06 abril 2019

Os grandes problemas do Deep Learning

Here’s my view: deep learning really is great, but it’s the wrong tool for the job of cognition writ large; it’s a tool for perceptual classification, when general intelligence involves so much more. What I was saying in 2012 (and have never deviated from) is that deep learning ought to be part of the workflow for AI, not the whole thing (“just one element in a very complicated ensemble of things”, as I put it then, “not a universal solvent, [just] one tool among many” as I put it in January). Deep learning is, like anything else we might consider, a tool with particular strengths, and particular weaknesses. Nobody should be surprised by this.

Deep learning is important work, with immediate practical applications.

Realistically, deep learning is only part of the larger challenge of building intelligent machines. Such techniques lack ways of representing causal relationships (such as between diseases and their symptoms), and are likely to face challenges in acquiring abstract ideas like “sibling” or “identical to.” They have no obvious ways of performing logical inferences, and they are also still a long way from integrating abstract knowledge, such as information about what objects are, what they are for, and how they are typically used. The most powerful A.I. systems … use techniques like deep learning as just one element in a very complicated ensemble of techniques, ranging from the statistical technique of Bayesian inference to deductive reasoning.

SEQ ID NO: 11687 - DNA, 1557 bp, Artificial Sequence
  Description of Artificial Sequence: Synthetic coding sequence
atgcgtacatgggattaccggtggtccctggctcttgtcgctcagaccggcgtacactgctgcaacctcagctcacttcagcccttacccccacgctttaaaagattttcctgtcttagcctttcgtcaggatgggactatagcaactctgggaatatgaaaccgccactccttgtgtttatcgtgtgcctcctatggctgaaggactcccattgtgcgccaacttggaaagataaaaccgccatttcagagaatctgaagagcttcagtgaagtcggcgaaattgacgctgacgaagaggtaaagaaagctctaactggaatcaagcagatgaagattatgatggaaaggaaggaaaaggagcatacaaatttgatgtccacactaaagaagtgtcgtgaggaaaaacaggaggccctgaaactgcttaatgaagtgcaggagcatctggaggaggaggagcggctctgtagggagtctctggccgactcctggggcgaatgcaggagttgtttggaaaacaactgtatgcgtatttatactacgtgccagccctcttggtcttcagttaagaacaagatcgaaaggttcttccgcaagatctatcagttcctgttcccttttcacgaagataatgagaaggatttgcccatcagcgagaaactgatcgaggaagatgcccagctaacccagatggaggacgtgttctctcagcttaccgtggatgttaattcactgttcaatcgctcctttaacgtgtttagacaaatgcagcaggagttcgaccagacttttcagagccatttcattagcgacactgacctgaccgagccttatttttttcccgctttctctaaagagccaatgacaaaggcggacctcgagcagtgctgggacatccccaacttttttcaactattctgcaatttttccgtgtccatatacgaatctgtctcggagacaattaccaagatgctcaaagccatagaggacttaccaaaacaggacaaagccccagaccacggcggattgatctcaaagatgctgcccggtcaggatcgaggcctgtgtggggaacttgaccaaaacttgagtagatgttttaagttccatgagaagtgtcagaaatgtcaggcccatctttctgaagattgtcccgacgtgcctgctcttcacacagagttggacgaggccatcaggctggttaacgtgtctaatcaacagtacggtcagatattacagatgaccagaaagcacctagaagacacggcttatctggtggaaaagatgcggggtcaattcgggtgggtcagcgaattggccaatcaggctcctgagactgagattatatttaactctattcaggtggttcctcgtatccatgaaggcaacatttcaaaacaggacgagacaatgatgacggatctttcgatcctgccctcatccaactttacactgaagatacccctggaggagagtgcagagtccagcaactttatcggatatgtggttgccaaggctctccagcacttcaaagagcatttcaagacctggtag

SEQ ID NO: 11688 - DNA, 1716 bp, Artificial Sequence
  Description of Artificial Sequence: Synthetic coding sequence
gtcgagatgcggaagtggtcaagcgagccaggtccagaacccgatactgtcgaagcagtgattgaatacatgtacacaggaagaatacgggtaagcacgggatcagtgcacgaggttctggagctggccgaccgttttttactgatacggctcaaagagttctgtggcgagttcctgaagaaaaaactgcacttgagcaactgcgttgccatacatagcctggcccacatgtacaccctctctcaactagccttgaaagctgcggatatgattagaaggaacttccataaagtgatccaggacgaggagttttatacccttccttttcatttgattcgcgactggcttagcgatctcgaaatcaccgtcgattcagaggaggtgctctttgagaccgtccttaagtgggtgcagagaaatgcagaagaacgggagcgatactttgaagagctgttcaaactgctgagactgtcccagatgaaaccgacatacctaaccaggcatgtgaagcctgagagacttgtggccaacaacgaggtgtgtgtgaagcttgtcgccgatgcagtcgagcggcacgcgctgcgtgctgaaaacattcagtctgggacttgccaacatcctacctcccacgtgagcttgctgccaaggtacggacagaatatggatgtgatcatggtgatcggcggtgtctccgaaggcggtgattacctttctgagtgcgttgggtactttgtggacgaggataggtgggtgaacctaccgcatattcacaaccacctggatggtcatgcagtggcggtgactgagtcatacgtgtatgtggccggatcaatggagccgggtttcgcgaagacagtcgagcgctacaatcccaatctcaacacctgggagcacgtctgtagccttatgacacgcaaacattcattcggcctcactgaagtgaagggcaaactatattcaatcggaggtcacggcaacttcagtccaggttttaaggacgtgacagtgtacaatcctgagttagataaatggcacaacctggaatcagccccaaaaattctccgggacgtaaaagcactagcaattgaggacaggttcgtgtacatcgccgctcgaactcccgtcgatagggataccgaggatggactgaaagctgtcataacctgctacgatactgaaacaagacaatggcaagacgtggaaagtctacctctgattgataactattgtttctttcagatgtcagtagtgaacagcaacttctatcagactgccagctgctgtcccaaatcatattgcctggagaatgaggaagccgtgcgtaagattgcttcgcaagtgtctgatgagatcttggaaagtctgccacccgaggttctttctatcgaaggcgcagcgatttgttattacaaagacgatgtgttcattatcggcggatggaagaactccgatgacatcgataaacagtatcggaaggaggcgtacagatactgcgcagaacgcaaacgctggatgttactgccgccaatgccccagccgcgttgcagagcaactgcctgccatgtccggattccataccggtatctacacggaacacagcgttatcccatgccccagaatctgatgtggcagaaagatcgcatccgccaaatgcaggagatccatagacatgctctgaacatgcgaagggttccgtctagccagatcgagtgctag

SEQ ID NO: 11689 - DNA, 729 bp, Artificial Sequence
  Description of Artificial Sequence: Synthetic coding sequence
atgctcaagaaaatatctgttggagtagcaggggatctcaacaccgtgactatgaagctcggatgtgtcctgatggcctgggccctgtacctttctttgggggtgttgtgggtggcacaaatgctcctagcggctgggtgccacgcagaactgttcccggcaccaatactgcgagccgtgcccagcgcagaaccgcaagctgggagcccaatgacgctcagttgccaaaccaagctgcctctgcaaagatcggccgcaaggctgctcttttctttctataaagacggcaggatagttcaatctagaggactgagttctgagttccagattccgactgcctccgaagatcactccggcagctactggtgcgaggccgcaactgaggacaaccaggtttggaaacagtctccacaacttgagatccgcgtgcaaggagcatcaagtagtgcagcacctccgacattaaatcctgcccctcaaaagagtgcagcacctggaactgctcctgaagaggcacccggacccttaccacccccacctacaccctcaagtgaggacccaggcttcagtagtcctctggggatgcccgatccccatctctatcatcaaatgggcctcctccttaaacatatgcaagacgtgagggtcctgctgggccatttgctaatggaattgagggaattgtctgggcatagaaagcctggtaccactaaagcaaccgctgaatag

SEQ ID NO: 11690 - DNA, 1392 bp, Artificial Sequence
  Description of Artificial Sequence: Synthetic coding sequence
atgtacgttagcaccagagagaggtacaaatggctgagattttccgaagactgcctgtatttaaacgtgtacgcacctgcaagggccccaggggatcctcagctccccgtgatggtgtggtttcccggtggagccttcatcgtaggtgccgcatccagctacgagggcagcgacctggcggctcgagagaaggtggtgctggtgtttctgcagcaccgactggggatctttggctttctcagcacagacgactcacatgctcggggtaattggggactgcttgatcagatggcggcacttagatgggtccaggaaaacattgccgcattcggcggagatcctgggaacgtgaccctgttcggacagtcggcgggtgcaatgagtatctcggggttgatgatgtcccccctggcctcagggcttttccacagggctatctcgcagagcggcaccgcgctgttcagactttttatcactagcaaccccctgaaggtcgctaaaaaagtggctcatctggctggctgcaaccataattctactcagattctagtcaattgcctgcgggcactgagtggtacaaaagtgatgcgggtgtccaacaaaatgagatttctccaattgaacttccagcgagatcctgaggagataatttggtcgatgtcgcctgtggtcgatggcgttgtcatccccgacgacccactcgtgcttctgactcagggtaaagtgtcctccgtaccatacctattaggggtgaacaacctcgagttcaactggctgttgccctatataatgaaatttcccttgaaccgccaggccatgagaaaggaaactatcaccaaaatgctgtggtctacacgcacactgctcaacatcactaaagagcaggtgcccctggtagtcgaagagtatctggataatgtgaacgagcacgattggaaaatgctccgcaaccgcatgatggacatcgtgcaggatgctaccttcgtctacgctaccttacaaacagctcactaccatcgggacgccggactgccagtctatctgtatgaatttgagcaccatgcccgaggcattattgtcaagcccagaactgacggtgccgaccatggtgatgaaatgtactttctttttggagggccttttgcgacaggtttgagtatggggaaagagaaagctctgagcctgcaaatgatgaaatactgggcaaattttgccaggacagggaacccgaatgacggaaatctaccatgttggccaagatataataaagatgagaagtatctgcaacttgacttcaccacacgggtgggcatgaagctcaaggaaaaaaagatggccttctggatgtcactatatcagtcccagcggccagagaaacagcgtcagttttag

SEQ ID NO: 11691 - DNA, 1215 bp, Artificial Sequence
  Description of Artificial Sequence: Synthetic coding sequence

At that time I concluded in part that (excerpting from the concluding summary argument):
Humans can generalize a wide range of universals to arbitrary novel instances. They appear to do so in many areas of language (including syntax, morphology, and discourse) and thought (including transitive inference, entailments, and class-inclusion relationships).

Advocates of symbol-manipulation assume that the mind instantiates symbol-manipulating mechanisms including symbols, categories, and variables, and mechanisms for assigning instances to categories and representing and extending relationships between variables. This account provides a straightforward framework for understanding how universals are extended to arbitrary novel instances.

Current eliminative connectionist models map input vectors to output vectors using the back-propagation algorithm (or one of its variants).

To generalize universals to arbitrary novel instances, these models would need to generalize outside the training space.

These models cannot generalize outside the training space.
Therefore, current eliminative connectionist models cannot account for those cognitive phenomena that involve universals that can be freely extended to arbitrary cases.

Resultado de imagem para Deep Learning overrated

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